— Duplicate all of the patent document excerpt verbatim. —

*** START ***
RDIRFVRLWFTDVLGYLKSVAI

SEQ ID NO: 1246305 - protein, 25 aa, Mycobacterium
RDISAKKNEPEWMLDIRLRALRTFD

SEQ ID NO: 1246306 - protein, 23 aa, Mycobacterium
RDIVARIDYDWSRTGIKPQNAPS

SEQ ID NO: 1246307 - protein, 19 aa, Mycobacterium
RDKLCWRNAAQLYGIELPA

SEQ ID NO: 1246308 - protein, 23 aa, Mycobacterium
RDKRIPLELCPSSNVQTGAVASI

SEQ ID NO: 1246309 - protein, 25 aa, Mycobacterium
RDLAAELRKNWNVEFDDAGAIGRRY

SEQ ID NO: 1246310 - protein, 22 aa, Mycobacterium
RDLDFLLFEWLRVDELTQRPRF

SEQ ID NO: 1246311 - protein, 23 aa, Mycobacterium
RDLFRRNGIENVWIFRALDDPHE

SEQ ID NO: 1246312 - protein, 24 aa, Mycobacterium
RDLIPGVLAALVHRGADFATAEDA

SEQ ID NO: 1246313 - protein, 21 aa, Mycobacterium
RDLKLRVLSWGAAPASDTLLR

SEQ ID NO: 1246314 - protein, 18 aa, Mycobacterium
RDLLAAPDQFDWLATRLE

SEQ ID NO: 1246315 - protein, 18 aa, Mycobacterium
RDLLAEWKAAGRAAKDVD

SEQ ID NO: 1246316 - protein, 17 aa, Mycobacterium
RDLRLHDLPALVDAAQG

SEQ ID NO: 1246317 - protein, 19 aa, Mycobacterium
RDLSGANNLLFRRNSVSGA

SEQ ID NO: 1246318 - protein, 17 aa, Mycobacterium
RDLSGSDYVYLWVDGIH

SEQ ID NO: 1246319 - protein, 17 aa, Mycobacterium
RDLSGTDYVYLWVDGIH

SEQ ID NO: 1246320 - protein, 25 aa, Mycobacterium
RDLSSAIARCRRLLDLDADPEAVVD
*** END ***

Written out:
RDIRFVRLWFTDVLGYLKSVAI

SEQ ID NO: 1246305 - protein, 25 aa, Mycobacterium
RDISAKKNEPEWMLDIRLRALRTFD

SEQ ID NO: 1246306 - protein, 23 aa, Mycobacterium
RDIVARIDYDWSRTGIKPQNAPS

SEQ ID NO: 1246307 - protein, 19 aa, Mycobacterium
RDKLCWRNAAQLYGIELPA

SEQ ID NO: 1246308 - protein, 23 aa, Mycobacterium
RDKRIPLELCPSSNVQTGAVASI

SEQ ID NO: 1246309 - protein, 25 aa, Mycobacterium
RDLAAELRKNWNVEFDDAGAIGRRY

SEQ ID NO: 1246310 - protein, 22 aa, Mycobacterium
RDLDFLLFEWLRVDELTQRPRF

SEQ ID NO: 1246311 - protein, 23 aa, Mycobacterium
RDLFRRNGIENVWIFRALDDPHE

SEQ ID NO: 1246312 - protein, 24 aa, Mycobacterium
RDLIPGVLAALVHRGADFATAEDA

SEQ ID NO: 1246313 - protein, 21 aa, Mycobacterium
RDLKLRVLSWGAAPASDTLLR

SEQ ID NO: 1246314 - protein, 18 aa, Mycobacterium
RDLLAAPDQFDWLATRLE

SEQ ID NO: 1246315 - protein, 18 aa, Mycobacterium
RDLLAEWKAAGRAAKDVD

SEQ ID NO: 1246316 - protein, 17 aa, Mycobacterium
RDLRLHDLPALVDAAQG

SEQ ID NO: 1246317 - protein, 19 aa, Mycobacterium
RDLSGANNLLFRRNSVSGA

SEQ ID NO: 1246318 - protein, 17 aa, Mycobacterium
RDLSGSDYVYLWVDGIH

SEQ ID NO: 1246319 - protein, 17 aa, Mycobacterium
RDLSGTDYVYLWVDGIH

SEQ ID NO: 1246320 - protein, 25 aa, Mycobacterium
RDLSSAIARCRRLLDLDADPEAVVD